Steubenville rape conviction raises legitimate questions about Media priorities

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Winner of the Spring 2013 Harvard Crimson Award for Best Editorial Writing
Winner of the Spring 2013 Harvard Crimson Award for Best Editorial Writing

Last month, two teenage boys from Steubenville, Ohio were convicted of raping and exploiting a sixteen-year-old girl. At the end of a summer party in August 2012, members of Steubenville’s Big Red Football team sexually assaulted the girl while she was passed out.  Text messages, videos, photos, tweets and Facebook posts about the assault rapidly made their way around the Internet.  When an eyewitness from the Steubenville case, Evan Westlake, was asked why he didn’t stop his friends, he testified, “It wasn’t violent. I didn’t know what rape was. I pictured it as forcing yourself on someone.”  How can it be that people in this country still don’t understand what rape is or how to stop it?

Rape is any kind of sexual act without consent. Consent is explicitly saying yes. Consent is showing continued interest and participation in the act. The two young men in this case took advantage of a girl with no ability to consent to any sexual act.  Whether or not she explicitly said no is irrelevant.

While it is terrifying that the Evan Westlakes of America don’t comprehend the basics of rape, one would hope that professional journalists had a better understanding.

Unfortunately, this was not the case.

American mass media had a chance to report on the Steubenville rape trial with the gravity it deserves; instead, some members of the media used this case as an opportunity to glorify football players. News channels such as CNN and NBC News lamented over the fact that these men had to walk away from their promising athletic careers, serve time in prison, and register as sex offenders. CNN anchor Candy Crowley said, “It was incredibly difficult to watch what happened as these two young men that had such promising futures, star football players, very good students, literally watched as they believed their lives fell apart.”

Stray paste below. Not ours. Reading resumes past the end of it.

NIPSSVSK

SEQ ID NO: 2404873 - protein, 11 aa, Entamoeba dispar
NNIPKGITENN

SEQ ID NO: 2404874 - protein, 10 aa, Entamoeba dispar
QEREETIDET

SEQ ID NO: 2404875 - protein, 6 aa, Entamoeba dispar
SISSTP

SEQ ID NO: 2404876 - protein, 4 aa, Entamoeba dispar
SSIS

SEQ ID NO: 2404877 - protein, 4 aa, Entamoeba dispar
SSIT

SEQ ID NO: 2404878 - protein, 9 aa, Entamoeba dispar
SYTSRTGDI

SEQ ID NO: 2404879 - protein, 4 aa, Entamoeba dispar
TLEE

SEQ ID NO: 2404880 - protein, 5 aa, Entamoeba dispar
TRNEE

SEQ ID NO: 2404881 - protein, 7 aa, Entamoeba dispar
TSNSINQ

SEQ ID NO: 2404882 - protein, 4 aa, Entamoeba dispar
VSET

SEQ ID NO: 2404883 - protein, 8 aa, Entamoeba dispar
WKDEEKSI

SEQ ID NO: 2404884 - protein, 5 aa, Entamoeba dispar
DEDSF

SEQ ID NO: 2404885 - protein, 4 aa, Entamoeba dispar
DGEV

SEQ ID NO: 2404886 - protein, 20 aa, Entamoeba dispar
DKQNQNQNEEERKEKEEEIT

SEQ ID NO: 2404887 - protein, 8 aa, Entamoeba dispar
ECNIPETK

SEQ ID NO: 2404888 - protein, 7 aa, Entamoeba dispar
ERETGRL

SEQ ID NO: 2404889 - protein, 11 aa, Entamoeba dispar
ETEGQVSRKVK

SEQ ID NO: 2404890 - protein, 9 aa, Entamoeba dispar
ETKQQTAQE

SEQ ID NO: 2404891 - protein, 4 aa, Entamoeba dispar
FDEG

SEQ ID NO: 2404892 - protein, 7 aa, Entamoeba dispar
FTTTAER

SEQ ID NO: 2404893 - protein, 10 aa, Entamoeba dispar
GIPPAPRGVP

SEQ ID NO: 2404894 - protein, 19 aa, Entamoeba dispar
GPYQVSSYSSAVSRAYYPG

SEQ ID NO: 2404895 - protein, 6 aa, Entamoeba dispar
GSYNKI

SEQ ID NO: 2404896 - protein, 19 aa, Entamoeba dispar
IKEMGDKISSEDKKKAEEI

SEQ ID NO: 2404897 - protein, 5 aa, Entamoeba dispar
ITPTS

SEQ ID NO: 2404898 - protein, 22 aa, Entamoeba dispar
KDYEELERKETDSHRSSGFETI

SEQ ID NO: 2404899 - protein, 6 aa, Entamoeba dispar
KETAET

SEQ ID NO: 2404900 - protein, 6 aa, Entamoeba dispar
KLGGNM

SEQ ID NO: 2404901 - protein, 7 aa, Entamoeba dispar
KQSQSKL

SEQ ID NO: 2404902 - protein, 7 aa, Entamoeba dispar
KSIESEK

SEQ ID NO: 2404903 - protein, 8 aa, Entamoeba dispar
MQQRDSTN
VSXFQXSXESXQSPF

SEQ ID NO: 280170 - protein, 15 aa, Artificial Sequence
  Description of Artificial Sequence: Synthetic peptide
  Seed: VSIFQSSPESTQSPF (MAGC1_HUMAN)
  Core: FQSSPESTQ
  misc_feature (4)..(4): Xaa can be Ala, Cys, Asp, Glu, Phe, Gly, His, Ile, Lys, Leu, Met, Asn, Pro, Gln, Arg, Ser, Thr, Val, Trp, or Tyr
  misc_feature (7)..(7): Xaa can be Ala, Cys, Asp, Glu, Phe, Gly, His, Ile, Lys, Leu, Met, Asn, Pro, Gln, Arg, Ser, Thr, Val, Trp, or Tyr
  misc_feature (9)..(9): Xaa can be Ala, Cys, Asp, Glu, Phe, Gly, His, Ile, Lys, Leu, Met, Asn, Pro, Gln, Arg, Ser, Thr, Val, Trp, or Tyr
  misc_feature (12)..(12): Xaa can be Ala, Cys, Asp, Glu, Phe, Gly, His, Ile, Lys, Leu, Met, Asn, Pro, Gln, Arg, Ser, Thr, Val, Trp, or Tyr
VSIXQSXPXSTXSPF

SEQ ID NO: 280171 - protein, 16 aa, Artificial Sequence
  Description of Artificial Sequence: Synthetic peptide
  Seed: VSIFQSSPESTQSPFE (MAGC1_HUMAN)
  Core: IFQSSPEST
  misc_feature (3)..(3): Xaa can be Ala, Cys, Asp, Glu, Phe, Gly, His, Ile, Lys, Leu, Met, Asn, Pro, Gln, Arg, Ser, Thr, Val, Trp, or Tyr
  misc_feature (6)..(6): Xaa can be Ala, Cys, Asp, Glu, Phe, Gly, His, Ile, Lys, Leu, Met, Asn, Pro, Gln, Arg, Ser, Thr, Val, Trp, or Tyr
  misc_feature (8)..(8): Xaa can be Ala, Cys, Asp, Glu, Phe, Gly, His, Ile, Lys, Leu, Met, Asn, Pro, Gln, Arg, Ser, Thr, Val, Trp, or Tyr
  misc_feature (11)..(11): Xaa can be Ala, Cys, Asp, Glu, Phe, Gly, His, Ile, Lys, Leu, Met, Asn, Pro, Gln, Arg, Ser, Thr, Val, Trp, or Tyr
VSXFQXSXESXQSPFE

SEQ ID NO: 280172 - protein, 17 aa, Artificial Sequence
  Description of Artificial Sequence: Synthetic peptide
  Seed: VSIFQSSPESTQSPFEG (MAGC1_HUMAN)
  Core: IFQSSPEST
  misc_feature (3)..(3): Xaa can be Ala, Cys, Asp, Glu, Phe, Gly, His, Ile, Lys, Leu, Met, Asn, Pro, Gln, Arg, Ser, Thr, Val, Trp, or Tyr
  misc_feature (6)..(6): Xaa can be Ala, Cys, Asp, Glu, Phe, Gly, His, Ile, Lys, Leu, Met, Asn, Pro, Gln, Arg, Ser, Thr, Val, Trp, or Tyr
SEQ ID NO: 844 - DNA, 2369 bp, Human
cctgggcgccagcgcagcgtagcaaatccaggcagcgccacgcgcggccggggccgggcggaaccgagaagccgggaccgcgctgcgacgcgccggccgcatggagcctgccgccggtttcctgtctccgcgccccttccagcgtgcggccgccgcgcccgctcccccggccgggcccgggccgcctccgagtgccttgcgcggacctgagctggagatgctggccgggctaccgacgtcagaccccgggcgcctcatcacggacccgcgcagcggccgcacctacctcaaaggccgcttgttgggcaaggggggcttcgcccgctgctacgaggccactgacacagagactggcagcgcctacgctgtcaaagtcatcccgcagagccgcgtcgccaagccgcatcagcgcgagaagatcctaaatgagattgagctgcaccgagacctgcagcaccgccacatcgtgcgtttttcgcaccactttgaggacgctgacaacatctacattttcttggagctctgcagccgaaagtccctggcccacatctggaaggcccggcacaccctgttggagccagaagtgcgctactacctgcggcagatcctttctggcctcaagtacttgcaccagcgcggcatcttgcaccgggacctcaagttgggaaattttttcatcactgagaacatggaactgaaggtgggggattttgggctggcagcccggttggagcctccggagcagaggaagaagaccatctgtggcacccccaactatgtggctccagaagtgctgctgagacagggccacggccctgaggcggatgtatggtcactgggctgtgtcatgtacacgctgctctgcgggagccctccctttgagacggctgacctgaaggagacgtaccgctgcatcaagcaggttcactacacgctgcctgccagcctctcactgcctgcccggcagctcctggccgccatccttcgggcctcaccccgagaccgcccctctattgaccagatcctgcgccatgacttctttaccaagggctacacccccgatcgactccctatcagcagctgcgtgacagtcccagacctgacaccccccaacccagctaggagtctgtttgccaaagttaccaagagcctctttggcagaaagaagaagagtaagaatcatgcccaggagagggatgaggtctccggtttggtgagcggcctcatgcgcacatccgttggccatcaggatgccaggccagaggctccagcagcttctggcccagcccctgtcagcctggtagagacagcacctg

Yahoo News’s coverage of the conviction began with the following: “Inside a small Steubenville, Ohio courtroom filled with sobbing and exhausting emotion, Judge Thomas Lipps found Trent Mays and Ma’lik Richmond guilty Sunday of raping an intoxicated 16-year-old girl.”

As with Crowley’s coverage, this article’s first goal is to focus on the “sobbing” of the rapists and the “exhausting emotion” associated with their pronouncements of guilt, while its second goal is to ensure that readers know that these two raped an “intoxicated” girl.

If a man was murdered while in a state of intoxication would media entities repeatedly remind viewers that the murderer was convicted of “murdering an intoxicated man”?  Of course not.  Descriptions of the rapists having been found guilty of raping an intoxicated girl reek of victim blaming.  One has to wonder how many future Senate candidates will run on a platform to ensure that “intoxicated rape” is classified in a separate category from “legitimate rape.”  What people must understand is that no matter what a woman wears, how she acts, with whom she associates, how many sexual partners she’s had, or how much alcohol she consumes, she is never “asking for it.”

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Yahoo! News was not alone in focusing on the victim’s inebriation when reporting on the conviction of the rapists.

These teenagers deserved every ounce of their punishment, and a media that laments their conviction will lessen how the populace views crimes such as these in the future.  News channels were more unsettled by the tearful athletes and their families than the fact that this young girl was assaulted and humiliated–that she’d carry this nightmare and label with her for the rest of her life. Certain news channels, such as Fox News, even allowed the victim’s name to be aired on television, further diminishing her right to privacy.

What truly made us angry about the Steubenville rape case is not the case itself but what it represents – that society still teaches women to blame themselves for being victims of sexual assault, and that some Americans care more about their football teams and the glorious young men who play for them than the women those football players are hurting.

What stings most is that this situation could happen to any young woman.  And as young women in 2013, we now no longer know how America would answer if we asked:  “Would you stand up for us?”